Starbucks Corp.'s mobile payment system went from a "Short" trial at 16 stores to a "Grande" deployment in more than a thousand locations, validating a low-tech approach to high-tech payments.

Starbucks is using a system that generates a blocky two-dimensional bar code-like image that is displayed on phones' screens. Users wave the image under a scanner at the point of sale to access funds stored on a gift card.

Payments companies have been testing for years another mobile payments technology the requires near-field communication chips built into phones, and though many of these trials have been declared a success, few commercially available phones have the needed hardware.

By contrast, the bar-code system uses software, and can easily be installed on the current generation of smart phones.

It was the simplicity of the bar code that allowed for such a rapid expansion of this deployment.

Starbucks began testing the application last September, and in February, Target Corp. began using a similar system to accept its gift cards at all its U.S. stores.

Last week, Starbucks expanded its program to include about 1,000 of its coffee shops that are within Target locations; it only took a tweak to the software to make the Seattle company's mobile gift card payment app compatible with Target's system.

Observers say this demonstrates why 2-D bar codes, though not as flexible as NFC chips, may be a more practical and more adaptable technology for the near term.

"The potential for 2-D bar codes is somewhat understated at this point," said Nick Holland, a senior analyst at Aite Group LLC in Boston. "Why wait for NFC to happen when there's technology out there where you can get 95% of the solution right now?"

Still, many see NFC as the superior technology, and say 2-D bar codes may last only as long as NFC is unavailable. But the companies that offer bar-code payments today will be at an advantage when that time comes, Holland said.

"The companies that are early adopters now will be leaps and bounds ahead," he said, as they will have already worked out the tech and customer service issues.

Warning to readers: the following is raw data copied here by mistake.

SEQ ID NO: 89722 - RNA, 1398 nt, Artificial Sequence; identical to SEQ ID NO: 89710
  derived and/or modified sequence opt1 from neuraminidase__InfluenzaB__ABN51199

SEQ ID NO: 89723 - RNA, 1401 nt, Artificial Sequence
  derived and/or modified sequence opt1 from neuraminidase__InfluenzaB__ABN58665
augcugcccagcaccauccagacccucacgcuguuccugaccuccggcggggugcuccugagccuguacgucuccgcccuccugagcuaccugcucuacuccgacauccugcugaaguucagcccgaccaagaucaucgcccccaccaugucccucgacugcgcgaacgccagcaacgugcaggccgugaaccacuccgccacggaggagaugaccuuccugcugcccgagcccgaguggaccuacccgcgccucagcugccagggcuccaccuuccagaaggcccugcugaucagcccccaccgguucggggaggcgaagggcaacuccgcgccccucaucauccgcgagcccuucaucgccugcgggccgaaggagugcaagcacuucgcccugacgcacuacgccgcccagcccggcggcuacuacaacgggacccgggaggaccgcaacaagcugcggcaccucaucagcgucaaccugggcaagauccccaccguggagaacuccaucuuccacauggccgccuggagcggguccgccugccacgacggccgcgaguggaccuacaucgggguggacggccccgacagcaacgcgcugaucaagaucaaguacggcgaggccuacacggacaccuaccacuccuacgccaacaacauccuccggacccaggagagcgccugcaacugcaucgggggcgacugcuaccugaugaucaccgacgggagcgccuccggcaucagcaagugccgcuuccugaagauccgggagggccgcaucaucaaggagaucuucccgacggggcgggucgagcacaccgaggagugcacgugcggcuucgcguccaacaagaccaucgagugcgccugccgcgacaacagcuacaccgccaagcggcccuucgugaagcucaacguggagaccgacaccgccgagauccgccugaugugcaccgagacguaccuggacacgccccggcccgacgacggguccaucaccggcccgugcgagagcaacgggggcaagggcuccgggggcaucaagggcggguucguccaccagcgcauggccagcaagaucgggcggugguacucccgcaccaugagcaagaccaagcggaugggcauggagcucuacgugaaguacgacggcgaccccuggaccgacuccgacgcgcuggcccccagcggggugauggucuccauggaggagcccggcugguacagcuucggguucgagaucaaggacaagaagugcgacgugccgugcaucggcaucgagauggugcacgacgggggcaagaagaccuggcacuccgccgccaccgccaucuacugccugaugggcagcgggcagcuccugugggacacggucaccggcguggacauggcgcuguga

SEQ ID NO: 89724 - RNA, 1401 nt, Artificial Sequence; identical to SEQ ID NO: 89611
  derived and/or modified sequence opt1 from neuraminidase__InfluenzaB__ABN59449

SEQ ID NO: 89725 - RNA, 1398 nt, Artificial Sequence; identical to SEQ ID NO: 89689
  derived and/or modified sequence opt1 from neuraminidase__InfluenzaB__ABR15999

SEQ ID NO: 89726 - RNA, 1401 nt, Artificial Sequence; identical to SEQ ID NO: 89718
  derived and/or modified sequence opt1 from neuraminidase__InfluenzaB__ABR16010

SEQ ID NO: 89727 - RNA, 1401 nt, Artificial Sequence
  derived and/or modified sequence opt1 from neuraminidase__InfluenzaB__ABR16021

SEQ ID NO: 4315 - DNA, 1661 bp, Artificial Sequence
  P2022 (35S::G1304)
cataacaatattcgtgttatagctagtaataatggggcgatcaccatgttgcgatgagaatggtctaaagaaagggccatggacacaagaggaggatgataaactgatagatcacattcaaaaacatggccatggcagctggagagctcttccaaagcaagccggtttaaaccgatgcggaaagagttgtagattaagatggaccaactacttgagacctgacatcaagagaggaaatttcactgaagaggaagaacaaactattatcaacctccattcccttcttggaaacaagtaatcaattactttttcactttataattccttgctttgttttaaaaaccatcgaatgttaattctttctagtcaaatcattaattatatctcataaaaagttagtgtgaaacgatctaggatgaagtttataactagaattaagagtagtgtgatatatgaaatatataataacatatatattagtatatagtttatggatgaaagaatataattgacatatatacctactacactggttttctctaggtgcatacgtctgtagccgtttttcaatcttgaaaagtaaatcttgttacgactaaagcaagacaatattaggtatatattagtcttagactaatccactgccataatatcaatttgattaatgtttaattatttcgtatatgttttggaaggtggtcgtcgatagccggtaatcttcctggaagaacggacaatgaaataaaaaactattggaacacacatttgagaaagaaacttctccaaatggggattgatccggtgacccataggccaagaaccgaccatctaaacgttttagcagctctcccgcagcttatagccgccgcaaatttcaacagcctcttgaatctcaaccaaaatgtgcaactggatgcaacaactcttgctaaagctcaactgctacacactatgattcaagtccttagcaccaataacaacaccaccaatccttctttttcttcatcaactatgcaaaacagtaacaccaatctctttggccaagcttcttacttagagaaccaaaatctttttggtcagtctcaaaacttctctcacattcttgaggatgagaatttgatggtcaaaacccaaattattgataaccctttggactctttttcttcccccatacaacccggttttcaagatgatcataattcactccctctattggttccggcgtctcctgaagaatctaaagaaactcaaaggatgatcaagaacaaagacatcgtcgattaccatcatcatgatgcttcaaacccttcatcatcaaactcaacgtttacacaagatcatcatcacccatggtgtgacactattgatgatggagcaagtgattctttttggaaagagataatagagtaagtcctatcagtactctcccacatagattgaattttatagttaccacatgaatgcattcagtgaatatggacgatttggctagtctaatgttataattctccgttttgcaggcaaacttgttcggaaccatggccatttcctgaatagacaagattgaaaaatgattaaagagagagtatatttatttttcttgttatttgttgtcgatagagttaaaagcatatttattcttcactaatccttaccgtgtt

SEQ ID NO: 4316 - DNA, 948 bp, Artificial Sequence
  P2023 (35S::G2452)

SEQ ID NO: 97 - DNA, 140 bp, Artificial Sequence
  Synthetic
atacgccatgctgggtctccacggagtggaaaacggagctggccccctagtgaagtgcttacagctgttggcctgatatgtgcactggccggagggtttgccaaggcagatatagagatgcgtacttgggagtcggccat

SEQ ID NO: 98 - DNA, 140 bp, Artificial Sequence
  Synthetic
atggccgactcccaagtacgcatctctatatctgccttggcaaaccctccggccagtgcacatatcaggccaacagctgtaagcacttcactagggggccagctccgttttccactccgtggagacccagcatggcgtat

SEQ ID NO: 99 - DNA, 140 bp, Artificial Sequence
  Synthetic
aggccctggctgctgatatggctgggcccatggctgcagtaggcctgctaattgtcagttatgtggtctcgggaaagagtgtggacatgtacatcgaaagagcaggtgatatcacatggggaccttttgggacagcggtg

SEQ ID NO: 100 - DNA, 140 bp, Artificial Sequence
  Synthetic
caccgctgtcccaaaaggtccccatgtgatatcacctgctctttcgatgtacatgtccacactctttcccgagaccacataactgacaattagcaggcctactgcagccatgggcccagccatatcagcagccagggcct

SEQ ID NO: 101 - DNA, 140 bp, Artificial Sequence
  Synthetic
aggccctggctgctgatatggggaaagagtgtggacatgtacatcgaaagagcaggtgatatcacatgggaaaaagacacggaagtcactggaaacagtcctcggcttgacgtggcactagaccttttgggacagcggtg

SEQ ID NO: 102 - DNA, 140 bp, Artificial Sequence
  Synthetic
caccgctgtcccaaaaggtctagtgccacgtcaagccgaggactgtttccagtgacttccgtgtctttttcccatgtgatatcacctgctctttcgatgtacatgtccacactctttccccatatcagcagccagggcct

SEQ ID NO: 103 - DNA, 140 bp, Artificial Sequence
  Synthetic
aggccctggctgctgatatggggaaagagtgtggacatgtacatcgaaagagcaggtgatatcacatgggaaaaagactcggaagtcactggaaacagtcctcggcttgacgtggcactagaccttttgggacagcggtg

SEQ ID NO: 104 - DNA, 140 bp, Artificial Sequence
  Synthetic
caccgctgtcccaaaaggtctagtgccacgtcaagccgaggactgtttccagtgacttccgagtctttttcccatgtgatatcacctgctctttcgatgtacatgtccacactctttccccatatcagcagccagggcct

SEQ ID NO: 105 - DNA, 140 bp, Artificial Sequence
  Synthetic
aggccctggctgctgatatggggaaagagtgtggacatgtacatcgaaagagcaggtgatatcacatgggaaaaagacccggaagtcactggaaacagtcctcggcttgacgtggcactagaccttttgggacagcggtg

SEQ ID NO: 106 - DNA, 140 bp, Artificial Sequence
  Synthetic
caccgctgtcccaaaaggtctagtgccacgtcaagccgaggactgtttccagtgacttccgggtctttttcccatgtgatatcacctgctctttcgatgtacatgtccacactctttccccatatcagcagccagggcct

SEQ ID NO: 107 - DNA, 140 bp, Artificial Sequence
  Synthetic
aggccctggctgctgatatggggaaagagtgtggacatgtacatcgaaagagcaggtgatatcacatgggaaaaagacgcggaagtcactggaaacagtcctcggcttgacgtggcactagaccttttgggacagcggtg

Starbucks' mobile payment app was built by mFoundry Inc. of Larkspur, Calif. Target's system uses technology from another vendor, which it would not name; Target modified it in-house.

Drew Sievers, mFoundry's co-founder and chief executive, said that although Target does not use his technology, its use of a similar system made the rapid expansion of the Starbucks system possible.

"We had a flexible enough approach that we were able to change the bar code for everybody on the fly so that we could have a broader reach," he said.

The same could be done for other retailers interested in using mFoundry's technology, he said, and Starbucks' expansion serves as a very public endorsement of mFoundry's approach.

"They wouldn't be rolling this out to as many stores if it wasn't working," Sievers said.

Alisa Martinez, a Starbucks spokeswoman, said in an e-mail that, "We have seen a lot of enthusiasm among our customers" for the mobile payment system.

She would not provide details on how the app, which is only for Apple Inc.'s iPhone/iPod Touch, affected payment behavior.

Sara Moore, a Target spokeswoman, would not provide usage data for Target's mobile application. She said that its mobile gift cards can be used for purchases at Starbucks stores within Target stores, but the reverse is not true. Target cards can be accessed from any mobile device's browser or the company's iPhone app.

George Tubin, a senior research director at the research firm TowerGroup Inc., said that the Starbucks/mFoundry deployment could be a catalyst for further mobile payments projects.

"Anything that's done out there that gets people used to using their device for mobile payments is a … very positive step in the right direction," he said.

Tubin said the system could be improved by expanding to even more retailers and sharing a payment account among them. "To have it for not just one retailer, but for multiple, it's going to start to demonstrate what the value-add for mobile payments is going to be in the future," Tubin said.

Aaron McPherson, a research manager for payments at the research firm IDC Financial Insights, said that as a first step toward NFC payments, bar codes may be a better choice than what the industry calls "tags," stickers with NFC chips that are meant to be adhered to phones.

"The two aren't really comparable, but yeah, this does a better job because it leverages the mobile network … there's a lot of stuff you can do with this app that you can't do with just a tag," McPherson said.

However, as bar codes gain prominence, they may begin to clutter users' mobile wallets, McPherson said.

"If there's a different app for every store, after a while it gets to be annoying to keep scrolling around," he said. "Is it really faster than getting out your wallet and pulling a card out?"